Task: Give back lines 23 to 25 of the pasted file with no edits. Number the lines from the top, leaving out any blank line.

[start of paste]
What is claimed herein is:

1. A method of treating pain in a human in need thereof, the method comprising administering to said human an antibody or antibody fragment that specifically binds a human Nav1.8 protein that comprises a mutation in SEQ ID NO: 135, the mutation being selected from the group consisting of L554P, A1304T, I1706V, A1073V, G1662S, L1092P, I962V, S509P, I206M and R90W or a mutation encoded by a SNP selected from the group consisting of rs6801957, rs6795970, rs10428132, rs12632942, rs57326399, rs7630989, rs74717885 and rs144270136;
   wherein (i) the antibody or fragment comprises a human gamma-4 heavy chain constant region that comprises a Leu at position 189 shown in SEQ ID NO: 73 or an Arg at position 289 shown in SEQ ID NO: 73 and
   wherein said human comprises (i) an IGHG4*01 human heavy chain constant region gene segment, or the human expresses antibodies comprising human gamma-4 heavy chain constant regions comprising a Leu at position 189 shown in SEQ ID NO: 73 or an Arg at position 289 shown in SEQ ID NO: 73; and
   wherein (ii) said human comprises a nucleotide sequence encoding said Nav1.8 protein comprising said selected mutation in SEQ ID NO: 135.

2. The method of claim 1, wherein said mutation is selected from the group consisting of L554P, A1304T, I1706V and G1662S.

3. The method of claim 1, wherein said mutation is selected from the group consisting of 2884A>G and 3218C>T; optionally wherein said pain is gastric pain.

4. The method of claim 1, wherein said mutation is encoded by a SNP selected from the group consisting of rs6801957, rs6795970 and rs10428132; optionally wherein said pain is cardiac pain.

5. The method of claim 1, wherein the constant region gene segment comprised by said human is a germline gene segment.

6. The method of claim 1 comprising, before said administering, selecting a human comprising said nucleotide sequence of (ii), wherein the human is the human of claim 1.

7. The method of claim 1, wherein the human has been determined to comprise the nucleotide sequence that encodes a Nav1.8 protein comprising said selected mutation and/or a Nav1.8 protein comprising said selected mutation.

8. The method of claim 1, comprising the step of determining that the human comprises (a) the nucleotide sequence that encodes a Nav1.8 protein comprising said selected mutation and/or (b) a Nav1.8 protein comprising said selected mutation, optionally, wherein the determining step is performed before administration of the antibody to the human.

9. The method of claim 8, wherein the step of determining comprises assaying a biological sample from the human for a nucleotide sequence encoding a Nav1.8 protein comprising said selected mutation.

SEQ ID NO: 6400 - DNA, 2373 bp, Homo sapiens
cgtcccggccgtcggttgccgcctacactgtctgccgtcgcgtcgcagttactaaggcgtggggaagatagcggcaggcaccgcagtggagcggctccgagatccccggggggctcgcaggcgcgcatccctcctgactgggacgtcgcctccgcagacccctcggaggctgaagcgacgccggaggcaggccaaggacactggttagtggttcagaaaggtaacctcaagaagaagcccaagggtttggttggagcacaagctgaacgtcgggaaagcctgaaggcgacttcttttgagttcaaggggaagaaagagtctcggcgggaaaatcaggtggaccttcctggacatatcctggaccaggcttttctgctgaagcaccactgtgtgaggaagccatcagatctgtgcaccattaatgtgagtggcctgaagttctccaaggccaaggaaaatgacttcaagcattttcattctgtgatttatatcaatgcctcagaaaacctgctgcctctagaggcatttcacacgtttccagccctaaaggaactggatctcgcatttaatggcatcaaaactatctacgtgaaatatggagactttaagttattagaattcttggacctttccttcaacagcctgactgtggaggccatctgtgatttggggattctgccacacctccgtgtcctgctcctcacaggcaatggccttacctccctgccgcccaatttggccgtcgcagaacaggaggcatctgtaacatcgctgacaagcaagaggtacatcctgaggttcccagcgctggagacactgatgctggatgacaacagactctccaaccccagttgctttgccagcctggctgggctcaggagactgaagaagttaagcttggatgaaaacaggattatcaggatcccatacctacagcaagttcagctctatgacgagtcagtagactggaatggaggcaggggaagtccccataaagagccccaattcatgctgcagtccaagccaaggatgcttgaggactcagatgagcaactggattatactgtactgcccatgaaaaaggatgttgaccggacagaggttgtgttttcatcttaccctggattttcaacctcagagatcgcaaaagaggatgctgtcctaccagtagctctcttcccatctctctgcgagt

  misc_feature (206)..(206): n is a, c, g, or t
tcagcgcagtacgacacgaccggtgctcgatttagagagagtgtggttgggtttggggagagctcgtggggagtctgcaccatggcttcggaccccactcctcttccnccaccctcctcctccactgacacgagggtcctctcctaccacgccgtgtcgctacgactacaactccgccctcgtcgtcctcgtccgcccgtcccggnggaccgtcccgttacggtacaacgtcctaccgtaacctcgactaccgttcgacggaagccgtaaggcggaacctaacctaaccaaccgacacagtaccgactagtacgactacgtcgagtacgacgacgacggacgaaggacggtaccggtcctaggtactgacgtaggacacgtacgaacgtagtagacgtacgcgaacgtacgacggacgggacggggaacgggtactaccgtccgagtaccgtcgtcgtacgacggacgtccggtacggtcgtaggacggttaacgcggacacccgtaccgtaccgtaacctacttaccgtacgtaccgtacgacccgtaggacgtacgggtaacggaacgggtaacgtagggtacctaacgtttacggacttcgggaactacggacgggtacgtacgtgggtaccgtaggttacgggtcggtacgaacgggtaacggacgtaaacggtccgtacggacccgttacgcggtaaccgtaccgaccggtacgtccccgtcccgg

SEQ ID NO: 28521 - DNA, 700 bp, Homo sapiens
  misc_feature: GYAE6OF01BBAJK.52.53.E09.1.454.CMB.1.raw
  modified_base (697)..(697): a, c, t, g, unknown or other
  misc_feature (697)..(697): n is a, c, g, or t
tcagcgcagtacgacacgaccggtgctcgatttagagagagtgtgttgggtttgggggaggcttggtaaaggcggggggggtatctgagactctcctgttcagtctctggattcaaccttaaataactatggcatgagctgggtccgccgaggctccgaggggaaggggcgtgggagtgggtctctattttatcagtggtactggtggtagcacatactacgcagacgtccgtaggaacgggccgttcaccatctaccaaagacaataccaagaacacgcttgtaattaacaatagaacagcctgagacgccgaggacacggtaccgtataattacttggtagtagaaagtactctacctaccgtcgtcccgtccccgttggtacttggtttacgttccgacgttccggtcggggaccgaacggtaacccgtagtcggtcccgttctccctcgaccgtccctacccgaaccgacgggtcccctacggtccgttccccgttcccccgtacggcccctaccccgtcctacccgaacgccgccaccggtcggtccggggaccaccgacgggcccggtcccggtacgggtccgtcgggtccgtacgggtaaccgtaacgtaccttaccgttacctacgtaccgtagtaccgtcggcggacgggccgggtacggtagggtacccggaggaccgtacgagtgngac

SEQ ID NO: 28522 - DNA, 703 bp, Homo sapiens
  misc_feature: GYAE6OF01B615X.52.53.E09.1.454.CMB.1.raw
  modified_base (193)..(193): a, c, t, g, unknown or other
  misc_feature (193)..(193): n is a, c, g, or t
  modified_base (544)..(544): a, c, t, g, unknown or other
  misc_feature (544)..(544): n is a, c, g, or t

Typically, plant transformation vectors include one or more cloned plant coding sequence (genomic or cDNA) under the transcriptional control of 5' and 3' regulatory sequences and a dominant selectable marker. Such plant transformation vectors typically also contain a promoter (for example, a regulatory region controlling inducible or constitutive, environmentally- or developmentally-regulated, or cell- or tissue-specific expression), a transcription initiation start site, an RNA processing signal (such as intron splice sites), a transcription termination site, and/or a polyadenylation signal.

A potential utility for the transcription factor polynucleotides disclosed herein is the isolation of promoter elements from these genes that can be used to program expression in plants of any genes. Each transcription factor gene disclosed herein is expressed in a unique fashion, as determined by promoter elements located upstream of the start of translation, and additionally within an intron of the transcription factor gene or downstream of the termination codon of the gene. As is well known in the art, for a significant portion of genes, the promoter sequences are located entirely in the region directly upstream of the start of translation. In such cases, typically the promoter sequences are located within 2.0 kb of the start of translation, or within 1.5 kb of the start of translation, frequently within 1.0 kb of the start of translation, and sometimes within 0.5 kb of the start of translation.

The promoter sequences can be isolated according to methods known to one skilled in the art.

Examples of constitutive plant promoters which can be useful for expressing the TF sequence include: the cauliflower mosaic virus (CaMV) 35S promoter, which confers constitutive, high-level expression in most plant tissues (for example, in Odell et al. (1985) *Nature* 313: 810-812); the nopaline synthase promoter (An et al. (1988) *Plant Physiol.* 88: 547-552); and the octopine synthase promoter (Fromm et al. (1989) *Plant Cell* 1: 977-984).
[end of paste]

SEQ ID NO: 28522 - DNA, 703 bp, Homo sapiens
  misc_feature: GYAE6OF01B615X.52.53.E09.1.454.CMB.1.raw
  modified_base (193)..(193): a, c, t, g, unknown or other